In several dozen meetings Monday at the state Capitol, lobbyists asked Bay Area lawmakers to back bills that would boost wages for women, temporarily freeze tuition for in-state college students and preserve Californians' privacy.
But these were no ordinary lobbyists. They were Muslim students, business owners and community leaders who traveled to Sacramento for a "lobby day" organized by the Council on American-Islamic Relations.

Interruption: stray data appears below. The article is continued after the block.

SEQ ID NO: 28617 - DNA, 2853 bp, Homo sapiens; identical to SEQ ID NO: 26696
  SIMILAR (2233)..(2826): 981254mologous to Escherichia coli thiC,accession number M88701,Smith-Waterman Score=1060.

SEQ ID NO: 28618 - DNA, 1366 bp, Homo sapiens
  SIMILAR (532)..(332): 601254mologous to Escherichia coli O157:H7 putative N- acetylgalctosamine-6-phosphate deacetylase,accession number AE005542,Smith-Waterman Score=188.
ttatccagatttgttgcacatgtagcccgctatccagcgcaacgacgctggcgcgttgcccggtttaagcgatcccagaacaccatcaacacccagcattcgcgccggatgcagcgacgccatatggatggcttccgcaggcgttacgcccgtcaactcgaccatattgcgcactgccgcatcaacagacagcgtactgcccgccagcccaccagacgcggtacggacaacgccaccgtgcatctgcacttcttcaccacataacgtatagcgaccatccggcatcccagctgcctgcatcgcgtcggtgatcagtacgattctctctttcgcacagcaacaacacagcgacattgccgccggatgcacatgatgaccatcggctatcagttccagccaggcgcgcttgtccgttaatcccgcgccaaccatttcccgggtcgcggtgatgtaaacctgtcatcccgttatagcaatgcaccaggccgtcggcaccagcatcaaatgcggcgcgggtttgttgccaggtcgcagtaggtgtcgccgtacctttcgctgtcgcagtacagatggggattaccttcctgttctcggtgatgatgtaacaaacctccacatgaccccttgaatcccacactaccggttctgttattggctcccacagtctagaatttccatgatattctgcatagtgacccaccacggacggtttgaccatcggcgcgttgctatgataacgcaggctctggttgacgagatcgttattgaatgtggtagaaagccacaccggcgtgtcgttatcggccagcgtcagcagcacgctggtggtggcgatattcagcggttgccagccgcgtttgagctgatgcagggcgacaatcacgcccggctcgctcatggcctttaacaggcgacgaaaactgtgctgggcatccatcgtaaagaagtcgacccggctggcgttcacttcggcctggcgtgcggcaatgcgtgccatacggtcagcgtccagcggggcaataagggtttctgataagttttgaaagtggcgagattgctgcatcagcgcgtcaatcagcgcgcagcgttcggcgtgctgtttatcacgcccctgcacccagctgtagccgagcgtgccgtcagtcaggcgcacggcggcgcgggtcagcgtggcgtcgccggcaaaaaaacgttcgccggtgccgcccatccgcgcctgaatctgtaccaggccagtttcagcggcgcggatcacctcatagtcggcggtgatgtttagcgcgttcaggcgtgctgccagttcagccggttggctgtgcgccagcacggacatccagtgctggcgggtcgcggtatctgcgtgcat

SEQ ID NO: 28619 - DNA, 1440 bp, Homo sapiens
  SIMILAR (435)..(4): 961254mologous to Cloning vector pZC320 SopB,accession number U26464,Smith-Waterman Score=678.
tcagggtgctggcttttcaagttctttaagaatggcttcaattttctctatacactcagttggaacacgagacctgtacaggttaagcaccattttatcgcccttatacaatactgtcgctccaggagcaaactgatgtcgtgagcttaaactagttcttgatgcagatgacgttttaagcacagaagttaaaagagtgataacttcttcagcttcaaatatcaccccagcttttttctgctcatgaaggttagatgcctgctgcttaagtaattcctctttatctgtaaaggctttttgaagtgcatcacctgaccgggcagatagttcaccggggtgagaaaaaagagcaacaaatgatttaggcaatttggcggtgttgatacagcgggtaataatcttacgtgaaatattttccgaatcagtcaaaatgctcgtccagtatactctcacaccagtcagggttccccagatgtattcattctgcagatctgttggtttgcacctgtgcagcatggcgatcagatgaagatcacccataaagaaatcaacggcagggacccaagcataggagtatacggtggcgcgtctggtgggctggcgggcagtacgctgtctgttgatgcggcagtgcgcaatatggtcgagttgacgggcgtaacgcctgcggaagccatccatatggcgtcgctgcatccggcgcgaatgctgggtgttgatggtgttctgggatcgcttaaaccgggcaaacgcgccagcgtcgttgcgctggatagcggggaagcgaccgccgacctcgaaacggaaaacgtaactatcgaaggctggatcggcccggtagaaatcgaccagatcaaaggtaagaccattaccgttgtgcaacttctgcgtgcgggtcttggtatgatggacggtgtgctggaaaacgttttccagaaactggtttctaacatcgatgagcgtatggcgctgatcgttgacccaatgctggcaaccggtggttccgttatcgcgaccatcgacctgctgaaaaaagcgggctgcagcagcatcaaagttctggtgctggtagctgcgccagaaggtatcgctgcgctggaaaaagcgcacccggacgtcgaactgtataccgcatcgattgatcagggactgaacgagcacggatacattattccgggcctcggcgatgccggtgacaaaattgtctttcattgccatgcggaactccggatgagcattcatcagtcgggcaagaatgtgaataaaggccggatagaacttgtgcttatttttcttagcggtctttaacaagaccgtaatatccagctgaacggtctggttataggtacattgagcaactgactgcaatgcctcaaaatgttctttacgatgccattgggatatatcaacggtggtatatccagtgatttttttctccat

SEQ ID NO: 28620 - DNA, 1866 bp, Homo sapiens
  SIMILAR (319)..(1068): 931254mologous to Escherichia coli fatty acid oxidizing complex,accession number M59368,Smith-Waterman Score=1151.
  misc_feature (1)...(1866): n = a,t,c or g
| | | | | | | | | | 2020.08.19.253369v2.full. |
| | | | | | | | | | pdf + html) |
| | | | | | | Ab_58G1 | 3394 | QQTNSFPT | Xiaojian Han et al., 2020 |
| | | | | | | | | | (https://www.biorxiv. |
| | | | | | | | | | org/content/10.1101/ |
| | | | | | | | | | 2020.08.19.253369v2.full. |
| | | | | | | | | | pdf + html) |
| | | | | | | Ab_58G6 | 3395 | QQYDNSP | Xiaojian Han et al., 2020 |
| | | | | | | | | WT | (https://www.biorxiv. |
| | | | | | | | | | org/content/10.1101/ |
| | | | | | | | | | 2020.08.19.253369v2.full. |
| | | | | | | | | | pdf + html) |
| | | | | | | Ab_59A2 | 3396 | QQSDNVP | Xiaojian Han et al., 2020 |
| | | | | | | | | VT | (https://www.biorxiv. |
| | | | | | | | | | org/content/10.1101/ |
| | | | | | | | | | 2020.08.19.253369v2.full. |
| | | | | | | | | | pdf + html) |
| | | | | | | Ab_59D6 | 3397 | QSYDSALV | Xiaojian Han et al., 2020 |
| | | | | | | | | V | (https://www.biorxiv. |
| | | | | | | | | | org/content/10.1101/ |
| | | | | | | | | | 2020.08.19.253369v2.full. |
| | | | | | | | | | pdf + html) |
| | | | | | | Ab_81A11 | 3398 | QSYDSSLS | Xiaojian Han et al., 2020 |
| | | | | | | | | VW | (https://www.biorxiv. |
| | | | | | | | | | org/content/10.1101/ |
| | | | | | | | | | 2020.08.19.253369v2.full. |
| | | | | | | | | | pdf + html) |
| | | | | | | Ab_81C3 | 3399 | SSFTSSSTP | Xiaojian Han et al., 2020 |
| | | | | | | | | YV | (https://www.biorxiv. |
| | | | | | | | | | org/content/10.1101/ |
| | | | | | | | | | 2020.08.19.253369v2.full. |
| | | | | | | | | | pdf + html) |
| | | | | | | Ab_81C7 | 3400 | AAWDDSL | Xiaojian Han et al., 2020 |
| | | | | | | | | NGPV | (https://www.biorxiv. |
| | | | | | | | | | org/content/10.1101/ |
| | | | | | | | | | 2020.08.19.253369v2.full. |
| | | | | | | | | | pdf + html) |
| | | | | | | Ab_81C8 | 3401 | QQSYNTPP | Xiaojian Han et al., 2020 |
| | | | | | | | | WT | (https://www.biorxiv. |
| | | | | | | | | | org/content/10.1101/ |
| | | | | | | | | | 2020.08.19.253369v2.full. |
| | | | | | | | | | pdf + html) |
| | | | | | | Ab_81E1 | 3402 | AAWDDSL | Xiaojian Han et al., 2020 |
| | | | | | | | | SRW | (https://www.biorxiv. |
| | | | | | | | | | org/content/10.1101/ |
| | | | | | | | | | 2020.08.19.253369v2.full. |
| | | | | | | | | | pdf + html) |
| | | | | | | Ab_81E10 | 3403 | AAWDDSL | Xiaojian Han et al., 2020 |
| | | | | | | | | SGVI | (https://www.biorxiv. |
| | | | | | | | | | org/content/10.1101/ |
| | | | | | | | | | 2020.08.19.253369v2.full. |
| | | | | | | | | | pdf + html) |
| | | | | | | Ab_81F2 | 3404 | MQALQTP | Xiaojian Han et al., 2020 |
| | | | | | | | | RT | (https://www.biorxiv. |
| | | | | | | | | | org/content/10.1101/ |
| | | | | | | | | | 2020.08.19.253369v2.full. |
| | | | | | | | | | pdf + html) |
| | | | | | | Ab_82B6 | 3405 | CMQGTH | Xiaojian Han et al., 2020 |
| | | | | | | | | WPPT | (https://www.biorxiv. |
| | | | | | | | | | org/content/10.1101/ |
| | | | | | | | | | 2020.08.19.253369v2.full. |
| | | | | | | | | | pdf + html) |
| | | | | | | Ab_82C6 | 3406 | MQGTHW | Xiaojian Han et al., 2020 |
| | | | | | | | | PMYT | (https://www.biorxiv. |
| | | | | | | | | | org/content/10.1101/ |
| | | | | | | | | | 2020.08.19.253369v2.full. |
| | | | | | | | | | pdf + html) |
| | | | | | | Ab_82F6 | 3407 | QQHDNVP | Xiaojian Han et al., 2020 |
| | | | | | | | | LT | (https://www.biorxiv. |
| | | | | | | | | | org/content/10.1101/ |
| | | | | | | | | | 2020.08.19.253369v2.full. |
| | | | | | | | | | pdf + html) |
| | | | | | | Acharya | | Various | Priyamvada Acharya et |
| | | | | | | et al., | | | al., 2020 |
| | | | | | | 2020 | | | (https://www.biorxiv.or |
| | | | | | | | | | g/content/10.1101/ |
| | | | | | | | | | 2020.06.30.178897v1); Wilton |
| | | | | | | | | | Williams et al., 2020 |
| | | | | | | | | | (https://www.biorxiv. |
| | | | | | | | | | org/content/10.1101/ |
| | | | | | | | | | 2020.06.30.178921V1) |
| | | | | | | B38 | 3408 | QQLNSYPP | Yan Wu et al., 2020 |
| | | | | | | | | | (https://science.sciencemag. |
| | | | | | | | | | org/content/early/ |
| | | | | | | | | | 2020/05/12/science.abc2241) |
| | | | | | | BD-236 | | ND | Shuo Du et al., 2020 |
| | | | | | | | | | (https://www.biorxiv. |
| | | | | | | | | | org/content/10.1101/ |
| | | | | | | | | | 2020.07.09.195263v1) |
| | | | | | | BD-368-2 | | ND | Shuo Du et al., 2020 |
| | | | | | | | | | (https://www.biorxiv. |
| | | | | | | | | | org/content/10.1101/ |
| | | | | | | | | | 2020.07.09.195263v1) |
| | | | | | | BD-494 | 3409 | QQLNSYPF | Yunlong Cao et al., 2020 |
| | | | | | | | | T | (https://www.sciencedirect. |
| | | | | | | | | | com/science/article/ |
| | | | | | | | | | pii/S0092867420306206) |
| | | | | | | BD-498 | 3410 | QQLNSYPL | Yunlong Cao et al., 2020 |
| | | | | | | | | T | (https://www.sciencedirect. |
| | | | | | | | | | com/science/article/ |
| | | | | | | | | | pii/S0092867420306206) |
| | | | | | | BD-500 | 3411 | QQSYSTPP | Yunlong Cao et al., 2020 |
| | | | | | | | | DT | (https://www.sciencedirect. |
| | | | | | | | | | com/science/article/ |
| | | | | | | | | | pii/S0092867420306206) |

As California's Muslim population grows and gets more assertive politically, lawmakers in Sacramento will be forced to pay closer attention to the relatively small but vocal interest group's requests, political experts say. There are roughly 200,000 Muslims living in the Bay Area, according to research by the Institute for Social Policy and Understanding.